Suicidal feelings and thoughts
A small number of children and young people experiencing low mood or depression may feel hopless and think that life is not worth living.
These feelings will usually have built up incrementally over time or in reaction to specific events.
Many things can prompt suicidal feelings and thoughts. These can include children and young people who:
- are living with mental ill health, like anxiety or depression
- are experiencing abuse
- are being bullied and being a bully (with a personal history of victimisation)
- are experiencing complex grief
- have very low self-worth
- live with complex family issues (such as parental disputes, neglect, hostile and chaotic home environments)
Concerned about a child or young person?
If you are worried that a child or young person is at risk involve your designated safeguarding lead as a matter of priority, who will contact the parents/carers and other services as necessary. If the child or young person is at immediate risk, ensure that they are taken to their GP or A&E as a matter of urgency, depending on the severity of the concern.
Identifying the signs
Children and young people who are experiencing suicidal thoughts may often not express them or ask for help. Some signs to look out for include:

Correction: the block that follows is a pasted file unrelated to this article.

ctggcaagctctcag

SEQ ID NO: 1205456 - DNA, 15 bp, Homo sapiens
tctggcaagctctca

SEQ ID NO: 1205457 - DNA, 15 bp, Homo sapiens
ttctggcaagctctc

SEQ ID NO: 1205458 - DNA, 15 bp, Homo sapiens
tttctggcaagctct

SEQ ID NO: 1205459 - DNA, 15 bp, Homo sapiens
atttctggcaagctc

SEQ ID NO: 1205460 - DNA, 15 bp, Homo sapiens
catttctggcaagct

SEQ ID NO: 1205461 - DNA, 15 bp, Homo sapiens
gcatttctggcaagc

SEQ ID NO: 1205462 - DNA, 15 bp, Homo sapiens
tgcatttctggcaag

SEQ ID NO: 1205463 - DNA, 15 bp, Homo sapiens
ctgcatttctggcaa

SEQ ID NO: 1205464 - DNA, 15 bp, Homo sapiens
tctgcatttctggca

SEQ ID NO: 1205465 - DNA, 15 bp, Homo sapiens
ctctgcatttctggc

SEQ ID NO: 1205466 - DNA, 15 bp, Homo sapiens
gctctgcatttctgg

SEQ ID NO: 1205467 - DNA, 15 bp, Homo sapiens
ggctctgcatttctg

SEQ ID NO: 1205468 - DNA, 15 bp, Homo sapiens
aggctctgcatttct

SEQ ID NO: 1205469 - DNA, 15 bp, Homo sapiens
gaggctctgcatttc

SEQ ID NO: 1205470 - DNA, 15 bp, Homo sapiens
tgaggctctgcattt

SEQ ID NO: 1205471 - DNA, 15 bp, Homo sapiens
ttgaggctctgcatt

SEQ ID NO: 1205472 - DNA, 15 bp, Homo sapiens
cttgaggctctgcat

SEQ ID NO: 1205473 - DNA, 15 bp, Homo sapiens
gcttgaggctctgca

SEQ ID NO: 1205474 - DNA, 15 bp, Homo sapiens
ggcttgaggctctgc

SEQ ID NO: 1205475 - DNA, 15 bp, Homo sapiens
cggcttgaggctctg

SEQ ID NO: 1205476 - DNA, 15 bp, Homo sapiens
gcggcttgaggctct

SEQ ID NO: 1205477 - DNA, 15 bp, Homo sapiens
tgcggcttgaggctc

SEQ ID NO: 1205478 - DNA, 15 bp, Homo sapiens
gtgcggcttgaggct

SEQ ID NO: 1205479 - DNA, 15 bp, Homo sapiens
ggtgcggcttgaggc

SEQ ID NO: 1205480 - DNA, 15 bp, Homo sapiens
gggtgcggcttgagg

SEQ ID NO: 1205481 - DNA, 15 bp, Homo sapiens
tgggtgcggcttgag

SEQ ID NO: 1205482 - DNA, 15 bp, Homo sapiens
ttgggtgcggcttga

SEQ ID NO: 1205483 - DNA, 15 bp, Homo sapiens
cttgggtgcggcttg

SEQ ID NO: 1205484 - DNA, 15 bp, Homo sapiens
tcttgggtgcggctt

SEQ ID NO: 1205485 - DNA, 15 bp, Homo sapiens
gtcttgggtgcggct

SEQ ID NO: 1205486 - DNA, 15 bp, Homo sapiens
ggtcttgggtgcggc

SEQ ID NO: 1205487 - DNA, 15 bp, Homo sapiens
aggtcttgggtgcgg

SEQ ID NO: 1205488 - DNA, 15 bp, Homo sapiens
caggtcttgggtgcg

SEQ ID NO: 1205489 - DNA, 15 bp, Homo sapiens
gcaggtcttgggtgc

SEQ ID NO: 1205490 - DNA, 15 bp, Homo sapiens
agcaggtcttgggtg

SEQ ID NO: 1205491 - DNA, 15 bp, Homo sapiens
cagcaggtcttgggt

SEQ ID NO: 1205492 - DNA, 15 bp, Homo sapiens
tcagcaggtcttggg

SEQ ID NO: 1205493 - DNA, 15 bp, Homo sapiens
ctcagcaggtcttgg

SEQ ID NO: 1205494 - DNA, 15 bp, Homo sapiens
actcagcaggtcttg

- persistent low mood, sadness or depression
- regularly talking about death
- no interest in daily life or school activities
- having trouble sleeping or eating
- feeling helpless or hopeless
Supporting a suicidal child or young person should never be the sole responsibility of the school, and the student’s parents/carers should also be informed as soon as possible.
If schools are significantly concerned about a child or young person presenting with suicidal thoughts and feelings, preferably in collaboration with their parents/carers, they should always seek advice from specialist services, like CAHMS, in order to request a psychiatric assessment of risk.
Children and young people with experience of suicide
A bereavement is a difficult and painful experience for any child or young person. When the bereavement occurs because of suicide, the emotions a child or young person experience may be very complex, with feelings of guilt, shame or blame as well as grief and loss.
These emotions may be very difficult to manage for a child or young person. A suicide of a loved one is a traumatic event, and trauma can change the way children and young people see their environment and the people in. It can affect children’s emotions, memory, behaviour and ability to learn.
Bereveavement charity Winston’s Wish have lots of useful information on supporting children and young people who have experience of suicide:
- Feelings and thoughts following a death by suicide
- When should children return to school after a bereavement?
- When someone in your family dies by suicide
Schools can also contact Winston’s Wish for help with supporting a student:
Concerned about a child?
If you are worried that a child is at risk involve your designated safeguarding lead as a matter of priority who will contact the parents/carers and other services as necessary. If the child is at immediate risk, ensure that they are taken to their GP or A&E as a matter of urgency, depending on the severity of the concern.Find out more